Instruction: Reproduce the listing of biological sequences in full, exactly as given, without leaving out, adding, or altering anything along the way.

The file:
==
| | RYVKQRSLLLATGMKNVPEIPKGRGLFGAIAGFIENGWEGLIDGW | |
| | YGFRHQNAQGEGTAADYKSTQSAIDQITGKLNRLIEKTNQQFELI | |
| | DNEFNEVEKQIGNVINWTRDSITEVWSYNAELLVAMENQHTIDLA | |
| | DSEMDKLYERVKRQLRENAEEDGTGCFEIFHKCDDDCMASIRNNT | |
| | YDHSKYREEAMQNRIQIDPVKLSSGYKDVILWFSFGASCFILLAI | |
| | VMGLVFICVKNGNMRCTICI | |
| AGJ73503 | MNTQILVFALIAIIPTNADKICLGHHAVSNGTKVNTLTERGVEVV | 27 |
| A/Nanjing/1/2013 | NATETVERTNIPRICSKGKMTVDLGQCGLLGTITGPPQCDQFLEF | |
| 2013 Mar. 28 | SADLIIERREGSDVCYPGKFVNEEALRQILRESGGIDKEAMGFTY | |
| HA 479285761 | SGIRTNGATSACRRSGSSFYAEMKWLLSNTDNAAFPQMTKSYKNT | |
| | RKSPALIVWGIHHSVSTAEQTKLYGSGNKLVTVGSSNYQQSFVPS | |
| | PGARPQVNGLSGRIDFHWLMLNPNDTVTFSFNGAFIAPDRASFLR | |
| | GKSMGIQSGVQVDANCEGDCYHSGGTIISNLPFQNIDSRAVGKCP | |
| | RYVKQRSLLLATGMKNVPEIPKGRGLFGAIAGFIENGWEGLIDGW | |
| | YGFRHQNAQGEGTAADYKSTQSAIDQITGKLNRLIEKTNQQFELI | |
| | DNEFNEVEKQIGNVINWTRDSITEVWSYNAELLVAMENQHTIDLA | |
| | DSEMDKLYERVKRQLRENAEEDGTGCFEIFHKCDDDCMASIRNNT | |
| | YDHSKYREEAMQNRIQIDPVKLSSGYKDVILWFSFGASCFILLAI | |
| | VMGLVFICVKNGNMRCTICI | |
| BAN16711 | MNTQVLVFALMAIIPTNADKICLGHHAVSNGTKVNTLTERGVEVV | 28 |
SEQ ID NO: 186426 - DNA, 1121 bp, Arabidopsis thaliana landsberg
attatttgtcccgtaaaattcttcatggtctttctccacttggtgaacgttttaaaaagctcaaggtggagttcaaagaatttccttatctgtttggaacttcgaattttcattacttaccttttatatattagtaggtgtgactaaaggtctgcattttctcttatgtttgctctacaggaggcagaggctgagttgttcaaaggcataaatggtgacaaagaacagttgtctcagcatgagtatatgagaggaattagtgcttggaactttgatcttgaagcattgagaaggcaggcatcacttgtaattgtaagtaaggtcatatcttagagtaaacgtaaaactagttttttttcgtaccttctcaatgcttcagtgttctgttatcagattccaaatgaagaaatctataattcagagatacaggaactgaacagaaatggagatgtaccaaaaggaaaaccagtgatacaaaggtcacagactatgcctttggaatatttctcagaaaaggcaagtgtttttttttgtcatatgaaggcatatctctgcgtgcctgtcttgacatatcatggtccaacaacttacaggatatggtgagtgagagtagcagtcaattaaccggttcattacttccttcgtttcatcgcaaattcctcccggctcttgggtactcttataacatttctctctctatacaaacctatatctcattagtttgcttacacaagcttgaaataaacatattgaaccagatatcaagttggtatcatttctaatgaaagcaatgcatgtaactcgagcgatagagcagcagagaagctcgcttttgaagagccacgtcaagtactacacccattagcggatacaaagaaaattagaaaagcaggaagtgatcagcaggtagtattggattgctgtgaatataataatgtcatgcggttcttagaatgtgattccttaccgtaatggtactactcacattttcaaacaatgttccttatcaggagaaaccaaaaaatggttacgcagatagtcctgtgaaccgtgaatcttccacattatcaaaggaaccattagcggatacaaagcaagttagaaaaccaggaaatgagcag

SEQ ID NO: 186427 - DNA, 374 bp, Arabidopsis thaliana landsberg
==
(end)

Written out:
| | RYVKQRSLLLATGMKNVPEIPKGRGLFGAIAGFIENGWEGLIDGW | |
| | YGFRHQNAQGEGTAADYKSTQSAIDQITGKLNRLIEKTNQQFELI | |
| | DNEFNEVEKQIGNVINWTRDSITEVWSYNAELLVAMENQHTIDLA | |
| | DSEMDKLYERVKRQLRENAEEDGTGCFEIFHKCDDDCMASIRNNT | |
| | YDHSKYREEAMQNRIQIDPVKLSSGYKDVILWFSFGASCFILLAI | |
| | VMGLVFICVKNGNMRCTICI | |
| AGJ73503 | MNTQILVFALIAIIPTNADKICLGHHAVSNGTKVNTLTERGVEVV | 27 |
| A/Nanjing/1/2013 | NATETVERTNIPRICSKGKMTVDLGQCGLLGTITGPPQCDQFLEF | |
| 2013 Mar. 28 | SADLIIERREGSDVCYPGKFVNEEALRQILRESGGIDKEAMGFTY | |
| HA 479285761 | SGIRTNGATSACRRSGSSFYAEMKWLLSNTDNAAFPQMTKSYKNT | |
| | RKSPALIVWGIHHSVSTAEQTKLYGSGNKLVTVGSSNYQQSFVPS | |
| | PGARPQVNGLSGRIDFHWLMLNPNDTVTFSFNGAFIAPDRASFLR | |
| | GKSMGIQSGVQVDANCEGDCYHSGGTIISNLPFQNIDSRAVGKCP | |
| | RYVKQRSLLLATGMKNVPEIPKGRGLFGAIAGFIENGWEGLIDGW | |
| | YGFRHQNAQGEGTAADYKSTQSAIDQITGKLNRLIEKTNQQFELI | |
| | DNEFNEVEKQIGNVINWTRDSITEVWSYNAELLVAMENQHTIDLA | |
| | DSEMDKLYERVKRQLRENAEEDGTGCFEIFHKCDDDCMASIRNNT | |
| | YDHSKYREEAMQNRIQIDPVKLSSGYKDVILWFSFGASCFILLAI | |
| | VMGLVFICVKNGNMRCTICI | |
| BAN16711 | MNTQVLVFALMAIIPTNADKICLGHHAVSNGTKVNTLTERGVEVV | 28 |
SEQ ID NO: 186426 - DNA, 1121 bp, Arabidopsis thaliana landsberg
attatttgtcccgtaaaattcttcatggtctttctccacttggtgaacgttttaaaaagctcaaggtggagttcaaagaatttccttatctgtttggaacttcgaattttcattacttaccttttatatattagtaggtgtgactaaaggtctgcattttctcttatgtttgctctacaggaggcagaggctgagttgttcaaaggcataaatggtgacaaagaacagttgtctcagcatgagtatatgagaggaattagtgcttggaactttgatcttgaagcattgagaaggcaggcatcacttgtaattgtaagtaaggtcatatcttagagtaaacgtaaaactagttttttttcgtaccttctcaatgcttcagtgttctgttatcagattccaaatgaagaaatctataattcagagatacaggaactgaacagaaatggagatgtaccaaaaggaaaaccagtgatacaaaggtcacagactatgcctttggaatatttctcagaaaaggcaagtgtttttttttgtcatatgaaggcatatctctgcgtgcctgtcttgacatatcatggtccaacaacttacaggatatggtgagtgagagtagcagtcaattaaccggttcattacttccttcgtttcatcgcaaattcctcccggctcttgggtactcttataacatttctctctctatacaaacctatatctcattagtttgcttacacaagcttgaaataaacatattgaaccagatatcaagttggtatcatttctaatgaaagcaatgcatgtaactcgagcgatagagcagcagagaagctcgcttttgaagagccacgtcaagtactacacccattagcggatacaaagaaaattagaaaagcaggaagtgatcagcaggtagtattggattgctgtgaatataataatgtcatgcggttcttagaatgtgattccttaccgtaatggtactactcacattttcaaacaatgttccttatcaggagaaaccaaaaaatggttacgcagatagtcctgtgaaccgtgaatcttccacattatcaaaggaaccattagcggatacaaagcaagttagaaaaccaggaaatgagcag

SEQ ID NO: 186427 - DNA, 374 bp, Arabidopsis thaliana landsberg